Ukraine Outta Gas, Outta Credit, Reverse Flow Fizzles—gonna be a cold winter

EU Can’t Sell Ukraine Any More Russian Gas

Kiev is eager to see the capacity of ‘reverse flow’ increase, but Slovakia is meeting with technical and financial difficulties in making this happen

Who wants to build facilities that will become superflous as soon as Kiev starts paying Russia for gas on time?

This article originally appeared at ICIS

A planned increase in eastbound pipeline capacity to flow natural gas from Slovakia to Ukraine may not happen this year, a source at the Slovak grid operator Eustream has told ICIS.

In July it was announced that capacity at the Budince border point would rise from 40 million cubic metres (mcm)/day to 57mcm/day by 1 December.

“This is not an easy task, this project requires both investment and construction,” the source at Eustream said. “We are conducting a technical analysis and waiting for permissions from different government agencies at the moment.”

Neither the exact date of when the project could be implemented, nor the final capacity have been agreed yet.

The source said that the Ukrainian grid operator Ukrtransgaz – which approached its Slovak counterpart with an offer to increase the capacity in late spring – was pushing Eustream to accomplish the project as soon as possible. “We are very unhappy about their method,” he said.

Despite repeated requests, Ukrtransgaz was unable to comment on the planned expansion at Budince.

There is currently no written agreement between the two parties over the project, with Eustream unwilling to sign any deal with Ukrtransgaz unless all the details are properly analysed.

Eustream is planning to discuss the technical side of the project this month but no exact date has been scheduled.

Another issue that Eustream is concerned about is how the additional capacity would be sold. The source said the Slovak operator would only want to sell the capacity through an open season.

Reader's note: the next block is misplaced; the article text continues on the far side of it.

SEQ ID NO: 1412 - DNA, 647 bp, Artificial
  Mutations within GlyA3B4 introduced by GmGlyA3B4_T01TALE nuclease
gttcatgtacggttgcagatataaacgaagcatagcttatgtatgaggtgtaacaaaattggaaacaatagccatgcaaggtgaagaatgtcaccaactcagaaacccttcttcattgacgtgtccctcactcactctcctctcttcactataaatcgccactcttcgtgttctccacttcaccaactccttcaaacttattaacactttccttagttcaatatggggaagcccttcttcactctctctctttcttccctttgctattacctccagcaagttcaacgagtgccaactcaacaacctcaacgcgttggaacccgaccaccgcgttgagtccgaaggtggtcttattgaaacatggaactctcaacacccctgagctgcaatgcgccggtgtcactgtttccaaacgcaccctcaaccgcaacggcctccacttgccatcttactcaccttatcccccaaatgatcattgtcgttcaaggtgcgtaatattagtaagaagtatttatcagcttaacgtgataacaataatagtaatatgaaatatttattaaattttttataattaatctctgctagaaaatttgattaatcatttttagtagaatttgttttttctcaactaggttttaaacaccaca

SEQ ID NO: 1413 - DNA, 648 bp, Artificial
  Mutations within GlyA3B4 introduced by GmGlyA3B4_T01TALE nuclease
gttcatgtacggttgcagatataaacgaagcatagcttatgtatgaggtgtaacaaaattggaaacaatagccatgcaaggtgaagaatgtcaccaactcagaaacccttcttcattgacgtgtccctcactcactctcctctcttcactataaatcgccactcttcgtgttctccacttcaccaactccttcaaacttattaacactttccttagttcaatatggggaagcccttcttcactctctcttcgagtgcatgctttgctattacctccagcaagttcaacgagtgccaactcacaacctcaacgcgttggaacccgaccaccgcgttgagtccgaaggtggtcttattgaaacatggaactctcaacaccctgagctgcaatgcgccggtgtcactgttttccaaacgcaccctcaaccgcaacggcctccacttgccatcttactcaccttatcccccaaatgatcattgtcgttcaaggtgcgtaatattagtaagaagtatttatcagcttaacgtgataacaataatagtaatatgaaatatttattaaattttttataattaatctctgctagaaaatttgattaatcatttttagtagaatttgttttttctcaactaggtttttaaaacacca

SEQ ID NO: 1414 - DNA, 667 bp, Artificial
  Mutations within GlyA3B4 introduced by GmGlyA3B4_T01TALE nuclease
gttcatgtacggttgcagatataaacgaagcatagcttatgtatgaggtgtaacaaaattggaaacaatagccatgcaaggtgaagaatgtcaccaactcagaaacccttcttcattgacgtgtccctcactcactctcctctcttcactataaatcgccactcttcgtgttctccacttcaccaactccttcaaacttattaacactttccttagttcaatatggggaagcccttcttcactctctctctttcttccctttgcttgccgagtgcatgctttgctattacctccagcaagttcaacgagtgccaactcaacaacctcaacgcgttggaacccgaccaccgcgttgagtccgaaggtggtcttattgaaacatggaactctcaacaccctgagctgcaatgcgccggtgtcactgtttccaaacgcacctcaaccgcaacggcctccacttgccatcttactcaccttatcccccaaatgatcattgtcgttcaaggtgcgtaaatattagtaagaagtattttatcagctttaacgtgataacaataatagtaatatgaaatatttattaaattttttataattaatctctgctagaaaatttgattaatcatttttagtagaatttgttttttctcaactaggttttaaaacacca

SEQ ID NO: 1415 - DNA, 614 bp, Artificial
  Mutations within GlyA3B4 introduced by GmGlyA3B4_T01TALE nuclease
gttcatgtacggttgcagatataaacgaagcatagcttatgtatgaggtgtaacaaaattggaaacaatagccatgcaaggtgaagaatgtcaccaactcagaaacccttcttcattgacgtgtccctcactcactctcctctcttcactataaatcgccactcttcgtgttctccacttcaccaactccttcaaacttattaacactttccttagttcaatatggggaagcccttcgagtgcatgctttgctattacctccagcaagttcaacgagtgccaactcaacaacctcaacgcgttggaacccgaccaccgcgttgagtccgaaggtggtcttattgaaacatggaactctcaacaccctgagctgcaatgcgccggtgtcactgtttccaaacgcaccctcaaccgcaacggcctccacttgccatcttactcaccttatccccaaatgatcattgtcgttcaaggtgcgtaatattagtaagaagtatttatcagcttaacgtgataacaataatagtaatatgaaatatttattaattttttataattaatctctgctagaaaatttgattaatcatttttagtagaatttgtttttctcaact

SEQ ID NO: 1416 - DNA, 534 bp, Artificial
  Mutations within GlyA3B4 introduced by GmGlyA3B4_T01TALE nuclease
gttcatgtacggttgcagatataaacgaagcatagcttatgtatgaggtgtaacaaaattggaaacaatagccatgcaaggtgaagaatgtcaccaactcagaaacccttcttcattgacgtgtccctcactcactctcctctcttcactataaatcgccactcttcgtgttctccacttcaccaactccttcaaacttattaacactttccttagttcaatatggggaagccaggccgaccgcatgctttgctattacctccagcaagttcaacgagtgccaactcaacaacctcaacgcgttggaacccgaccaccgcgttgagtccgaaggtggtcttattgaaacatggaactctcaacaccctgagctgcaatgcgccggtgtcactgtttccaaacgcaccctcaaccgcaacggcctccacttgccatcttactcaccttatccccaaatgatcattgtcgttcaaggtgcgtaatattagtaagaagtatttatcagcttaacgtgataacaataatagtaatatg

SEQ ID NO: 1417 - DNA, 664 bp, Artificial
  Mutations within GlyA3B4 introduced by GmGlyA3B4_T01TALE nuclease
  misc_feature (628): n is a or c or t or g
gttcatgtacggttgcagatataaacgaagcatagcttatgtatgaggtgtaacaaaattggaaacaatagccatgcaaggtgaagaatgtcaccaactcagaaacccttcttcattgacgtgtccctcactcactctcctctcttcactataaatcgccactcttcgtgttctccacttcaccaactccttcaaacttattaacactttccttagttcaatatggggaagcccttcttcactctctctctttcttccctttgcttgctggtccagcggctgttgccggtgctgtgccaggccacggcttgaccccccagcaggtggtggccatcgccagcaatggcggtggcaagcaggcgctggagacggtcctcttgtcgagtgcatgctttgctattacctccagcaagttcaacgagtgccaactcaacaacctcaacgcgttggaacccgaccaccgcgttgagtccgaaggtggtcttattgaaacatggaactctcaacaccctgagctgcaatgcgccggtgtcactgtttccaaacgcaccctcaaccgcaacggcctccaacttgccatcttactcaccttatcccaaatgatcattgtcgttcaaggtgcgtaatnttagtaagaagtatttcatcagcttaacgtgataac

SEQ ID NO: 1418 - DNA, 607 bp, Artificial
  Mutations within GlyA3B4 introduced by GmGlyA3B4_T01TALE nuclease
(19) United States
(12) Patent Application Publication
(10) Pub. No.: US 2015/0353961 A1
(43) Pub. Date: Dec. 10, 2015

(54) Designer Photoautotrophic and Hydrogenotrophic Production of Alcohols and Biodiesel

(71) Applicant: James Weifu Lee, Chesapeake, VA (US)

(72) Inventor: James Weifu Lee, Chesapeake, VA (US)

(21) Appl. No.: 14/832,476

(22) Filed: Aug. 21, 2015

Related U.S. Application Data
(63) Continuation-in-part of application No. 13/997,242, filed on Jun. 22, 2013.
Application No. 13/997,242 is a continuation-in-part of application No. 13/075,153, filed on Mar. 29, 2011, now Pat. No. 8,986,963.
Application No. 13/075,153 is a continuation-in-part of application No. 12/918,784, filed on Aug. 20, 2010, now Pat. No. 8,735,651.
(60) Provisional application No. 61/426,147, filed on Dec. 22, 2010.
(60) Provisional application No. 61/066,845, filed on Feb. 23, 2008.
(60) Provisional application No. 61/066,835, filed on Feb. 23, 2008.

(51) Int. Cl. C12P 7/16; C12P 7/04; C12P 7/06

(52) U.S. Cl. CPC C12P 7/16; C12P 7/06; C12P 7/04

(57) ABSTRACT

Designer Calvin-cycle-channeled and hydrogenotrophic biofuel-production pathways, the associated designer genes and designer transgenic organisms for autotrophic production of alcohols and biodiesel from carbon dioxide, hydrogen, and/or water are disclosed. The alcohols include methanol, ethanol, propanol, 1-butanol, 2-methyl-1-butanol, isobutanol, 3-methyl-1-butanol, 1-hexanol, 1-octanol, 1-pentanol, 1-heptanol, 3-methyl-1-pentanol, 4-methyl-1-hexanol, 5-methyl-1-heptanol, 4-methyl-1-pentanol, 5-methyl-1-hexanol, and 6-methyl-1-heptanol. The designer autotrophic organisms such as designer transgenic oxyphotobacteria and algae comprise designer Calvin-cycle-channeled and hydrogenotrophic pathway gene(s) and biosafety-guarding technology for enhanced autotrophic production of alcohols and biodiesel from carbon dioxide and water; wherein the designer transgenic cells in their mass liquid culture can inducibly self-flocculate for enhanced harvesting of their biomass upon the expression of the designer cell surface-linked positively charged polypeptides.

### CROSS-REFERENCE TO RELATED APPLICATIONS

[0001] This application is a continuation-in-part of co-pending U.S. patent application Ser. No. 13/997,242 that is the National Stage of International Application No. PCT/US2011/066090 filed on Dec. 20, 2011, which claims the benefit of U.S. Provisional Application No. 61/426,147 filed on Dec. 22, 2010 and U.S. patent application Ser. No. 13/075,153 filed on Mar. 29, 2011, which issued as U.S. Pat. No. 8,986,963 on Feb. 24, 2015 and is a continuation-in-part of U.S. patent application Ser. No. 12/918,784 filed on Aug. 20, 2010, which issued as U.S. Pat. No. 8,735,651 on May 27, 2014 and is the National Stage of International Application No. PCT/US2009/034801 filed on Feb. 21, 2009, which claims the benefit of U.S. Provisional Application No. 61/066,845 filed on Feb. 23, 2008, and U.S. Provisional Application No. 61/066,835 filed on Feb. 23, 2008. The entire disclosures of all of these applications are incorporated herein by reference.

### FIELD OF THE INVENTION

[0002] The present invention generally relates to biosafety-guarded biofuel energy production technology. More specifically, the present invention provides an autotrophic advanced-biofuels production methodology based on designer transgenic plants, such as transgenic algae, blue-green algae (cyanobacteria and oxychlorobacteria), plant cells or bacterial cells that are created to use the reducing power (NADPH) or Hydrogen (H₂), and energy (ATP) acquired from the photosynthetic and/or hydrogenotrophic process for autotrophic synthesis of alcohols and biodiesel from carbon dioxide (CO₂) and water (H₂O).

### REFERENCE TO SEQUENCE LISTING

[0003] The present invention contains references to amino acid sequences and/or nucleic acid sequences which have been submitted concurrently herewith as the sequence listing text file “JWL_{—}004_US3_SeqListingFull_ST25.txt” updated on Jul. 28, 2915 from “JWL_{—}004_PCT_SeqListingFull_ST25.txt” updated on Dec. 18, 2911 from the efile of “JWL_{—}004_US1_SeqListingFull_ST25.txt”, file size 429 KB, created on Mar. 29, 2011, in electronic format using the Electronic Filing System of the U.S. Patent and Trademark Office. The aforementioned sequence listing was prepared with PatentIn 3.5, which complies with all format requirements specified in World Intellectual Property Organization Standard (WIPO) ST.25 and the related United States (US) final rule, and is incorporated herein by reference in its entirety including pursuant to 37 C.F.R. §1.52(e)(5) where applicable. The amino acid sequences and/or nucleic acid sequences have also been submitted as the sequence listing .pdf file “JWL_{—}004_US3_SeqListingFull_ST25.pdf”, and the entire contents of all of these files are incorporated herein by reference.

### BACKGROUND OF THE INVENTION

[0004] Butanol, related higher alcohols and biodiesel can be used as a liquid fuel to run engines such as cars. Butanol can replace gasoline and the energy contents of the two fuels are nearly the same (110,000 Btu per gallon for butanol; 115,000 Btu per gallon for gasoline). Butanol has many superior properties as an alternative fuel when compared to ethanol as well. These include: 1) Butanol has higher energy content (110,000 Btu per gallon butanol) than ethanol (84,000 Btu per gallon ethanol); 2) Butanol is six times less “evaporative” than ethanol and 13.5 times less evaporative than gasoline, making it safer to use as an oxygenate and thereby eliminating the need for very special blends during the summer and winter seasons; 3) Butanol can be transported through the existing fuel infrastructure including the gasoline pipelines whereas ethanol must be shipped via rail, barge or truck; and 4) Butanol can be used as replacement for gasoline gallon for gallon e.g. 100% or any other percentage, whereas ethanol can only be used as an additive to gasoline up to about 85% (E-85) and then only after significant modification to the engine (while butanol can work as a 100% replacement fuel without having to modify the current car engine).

“For us, it’s the only chance to see if there is any interest among shippers to book the capacity before we invest large amounts of money into this project,” he said.

A trader active on the Slovak and Czech markets said there was enough gas in Slovakia for reverse flows to Ukraine, but the major question was if Ukraine would be able to buy more gas from the EU.

All of Ukraine’s gas is currently being imported via Slovakia, with the country choosing not by Russian volume, or via Poland or Hungary.

Eustream data shows that gas flows from Slovakia to Ukraine via the Budince point fell by 30% over the previous week, averaging at about 26mcm/day.

Ukraine is currently trying to get funding from the European Bank for Reconstruction and Development to buy more European gas. But a representative of the bank told ICIS last week that the EU might may not allocate a $300m financial loan to the country earlier than mid-October.

Russia Alters the Syrian Narrative—How Could That Be Bad?

Should we cry or rejoice as Russia steps up in Syria?

cbc news

Vladimir Putin has vastly different objectives in Syria than the West, but not much as worked so far

In Syria, it is often difficult to tell who is fighting whom. Here, a man holds a girl, who survived what activists said was heavy shelling by forces loyal to Syria's President Bashar al-Assad in the Douma neighborhood of Damascus in June.
In Syria, it is often difficult to tell who is fighting whom. Here, a man holds a girl, who survived what activists said was heavy shelling by forces loyal to Syria’s President Bashar al-Assad in the Douma neighborhood of Damascus in June. (Bassam Khabieh/ Reuters)

By Brian Stewart, CBC News


Such is the torment of Syria’s ongoing war that the idea of Russia sending in its forces to attack ISIS have caused a rare diplomatic mix of alarm and excitement.

I mean, really, would that be truly bad news? Or something to be hoped for, given all the recent disasters there? Would more direct Russian involvement prolong the fighting, or shorten it? Do we even have a clue?

We know only that intelligence reports have Vladimir Putin’s Russia stepping up large transport flights of new military equipment for Syria, as well as barracks for personnel on the ground.

And now Reuters is reporting that Russian forces have begun participating in military operations alongside Syrian government troops.

The U.S. had warned Moscow against any such move, even if meant to fight ISIS, a common enemy.

Washington’s position is that more direct Russian involvement, beyond the military advisers it’s had in the country, would further escalate the fighting, increase refugee flows, and risk even broader extension of a conflict now destabilizing much of the Middle East.

Certainly Russia’s responsibility for the bloodshed there over these past four years is substantial as it has been, along with Iran, the primary supplier of arms and diplomatic muscle to the besieged Assad government.